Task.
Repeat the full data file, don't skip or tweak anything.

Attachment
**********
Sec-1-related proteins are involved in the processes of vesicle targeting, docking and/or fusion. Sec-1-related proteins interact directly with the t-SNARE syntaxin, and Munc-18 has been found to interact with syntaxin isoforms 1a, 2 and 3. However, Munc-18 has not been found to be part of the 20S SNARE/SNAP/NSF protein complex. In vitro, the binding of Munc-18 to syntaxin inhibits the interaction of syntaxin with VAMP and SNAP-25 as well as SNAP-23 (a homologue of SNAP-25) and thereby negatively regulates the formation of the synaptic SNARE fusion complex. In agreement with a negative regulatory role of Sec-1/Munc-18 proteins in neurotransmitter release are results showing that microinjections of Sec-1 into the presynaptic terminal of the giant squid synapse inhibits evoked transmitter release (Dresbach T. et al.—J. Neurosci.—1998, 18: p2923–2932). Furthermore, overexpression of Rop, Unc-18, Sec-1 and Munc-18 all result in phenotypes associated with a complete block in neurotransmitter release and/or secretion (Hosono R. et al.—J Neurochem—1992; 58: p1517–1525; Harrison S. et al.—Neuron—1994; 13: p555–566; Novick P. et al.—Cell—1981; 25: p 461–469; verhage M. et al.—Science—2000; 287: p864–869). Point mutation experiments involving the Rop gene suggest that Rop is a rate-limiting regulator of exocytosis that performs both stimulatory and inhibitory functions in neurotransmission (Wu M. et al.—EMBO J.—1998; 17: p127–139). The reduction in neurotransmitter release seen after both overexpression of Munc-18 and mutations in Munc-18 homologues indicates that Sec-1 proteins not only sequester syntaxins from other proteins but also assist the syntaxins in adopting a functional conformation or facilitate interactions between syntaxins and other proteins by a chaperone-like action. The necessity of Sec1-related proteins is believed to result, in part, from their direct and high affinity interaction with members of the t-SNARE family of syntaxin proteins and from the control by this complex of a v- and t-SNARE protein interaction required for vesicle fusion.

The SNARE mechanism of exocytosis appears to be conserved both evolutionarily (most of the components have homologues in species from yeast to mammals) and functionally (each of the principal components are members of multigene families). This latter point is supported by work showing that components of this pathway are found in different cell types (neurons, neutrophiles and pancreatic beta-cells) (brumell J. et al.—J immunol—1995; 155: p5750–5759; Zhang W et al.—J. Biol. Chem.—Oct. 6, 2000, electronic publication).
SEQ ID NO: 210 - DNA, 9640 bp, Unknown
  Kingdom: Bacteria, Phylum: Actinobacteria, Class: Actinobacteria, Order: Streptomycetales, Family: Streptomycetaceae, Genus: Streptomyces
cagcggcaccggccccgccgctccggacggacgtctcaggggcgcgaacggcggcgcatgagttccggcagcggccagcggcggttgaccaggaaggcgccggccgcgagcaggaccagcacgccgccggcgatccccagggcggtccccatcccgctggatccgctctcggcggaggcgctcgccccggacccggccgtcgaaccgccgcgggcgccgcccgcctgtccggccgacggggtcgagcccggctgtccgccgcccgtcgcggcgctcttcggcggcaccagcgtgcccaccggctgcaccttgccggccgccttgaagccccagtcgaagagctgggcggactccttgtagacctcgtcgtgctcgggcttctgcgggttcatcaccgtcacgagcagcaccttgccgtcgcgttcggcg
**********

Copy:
Sec-1-related proteins are involved in the processes of vesicle targeting, docking and/or fusion. Sec-1-related proteins interact directly with the t-SNARE syntaxin, and Munc-18 has been found to interact with syntaxin isoforms 1a, 2 and 3. However, Munc-18 has not been found to be part of the 20S SNARE/SNAP/NSF protein complex. In vitro, the binding of Munc-18 to syntaxin inhibits the interaction of syntaxin with VAMP and SNAP-25 as well as SNAP-23 (a homologue of SNAP-25) and thereby negatively regulates the formation of the synaptic SNARE fusion complex. In agreement with a negative regulatory role of Sec-1/Munc-18 proteins in neurotransmitter release are results showing that microinjections of Sec-1 into the presynaptic terminal of the giant squid synapse inhibits evoked transmitter release (Dresbach T. et al.—J. Neurosci.—1998, 18: p2923–2932). Furthermore, overexpression of Rop, Unc-18, Sec-1 and Munc-18 all result in phenotypes associated with a complete block in neurotransmitter release and/or secretion (Hosono R. et al.—J Neurochem—1992; 58: p1517–1525; Harrison S. et al.—Neuron—1994; 13: p555–566; Novick P. et al.—Cell—1981; 25: p 461–469; verhage M. et al.—Science—2000; 287: p864–869). Point mutation experiments involving the Rop gene suggest that Rop is a rate-limiting regulator of exocytosis that performs both stimulatory and inhibitory functions in neurotransmission (Wu M. et al.—EMBO J.—1998; 17: p127–139). The reduction in neurotransmitter release seen after both overexpression of Munc-18 and mutations in Munc-18 homologues indicates that Sec-1 proteins not only sequester syntaxins from other proteins but also assist the syntaxins in adopting a functional conformation or facilitate interactions between syntaxins and other proteins by a chaperone-like action. The necessity of Sec1-related proteins is believed to result, in part, from their direct and high affinity interaction with members of the t-SNARE family of syntaxin proteins and from the control by this complex of a v- and t-SNARE protein interaction required for vesicle fusion.

The SNARE mechanism of exocytosis appears to be conserved both evolutionarily (most of the components have homologues in species from yeast to mammals) and functionally (each of the principal components are members of multigene families). This latter point is supported by work showing that components of this pathway are found in different cell types (neurons, neutrophiles and pancreatic beta-cells) (brumell J. et al.—J immunol—1995; 155: p5750–5759; Zhang W et al.—J. Biol. Chem.—Oct. 6, 2000, electronic publication).
SEQ ID NO: 210 - DNA, 9640 bp, Unknown
  Kingdom: Bacteria, Phylum: Actinobacteria, Class: Actinobacteria, Order: Streptomycetales, Family: Streptomycetaceae, Genus: Streptomyces
cagcggcaccggccccgccgctccggacggacgtctcaggggcgcgaacggcggcgcatgagttccggcagcggccagcggcggttgaccaggaaggcgccggccgcgagcaggaccagcacgccgccggcgatccccagggcggtccccatcccgctggatccgctctcggcggaggcgctcgccccggacccggccgtcgaaccgccgcgggcgccgcccgcctgtccggccgacggggtcgagcccggctgtccgccgcccgtcgcggcgctcttcggcggcaccagcgtgcccaccggctgcaccttgccggccgccttgaagccccagtcgaagagctgggcggactccttgtagacctcgtcgtgctcgggcttctgcgggttcatcaccgtcacgagcagcaccttgccgtcgcgttcggcg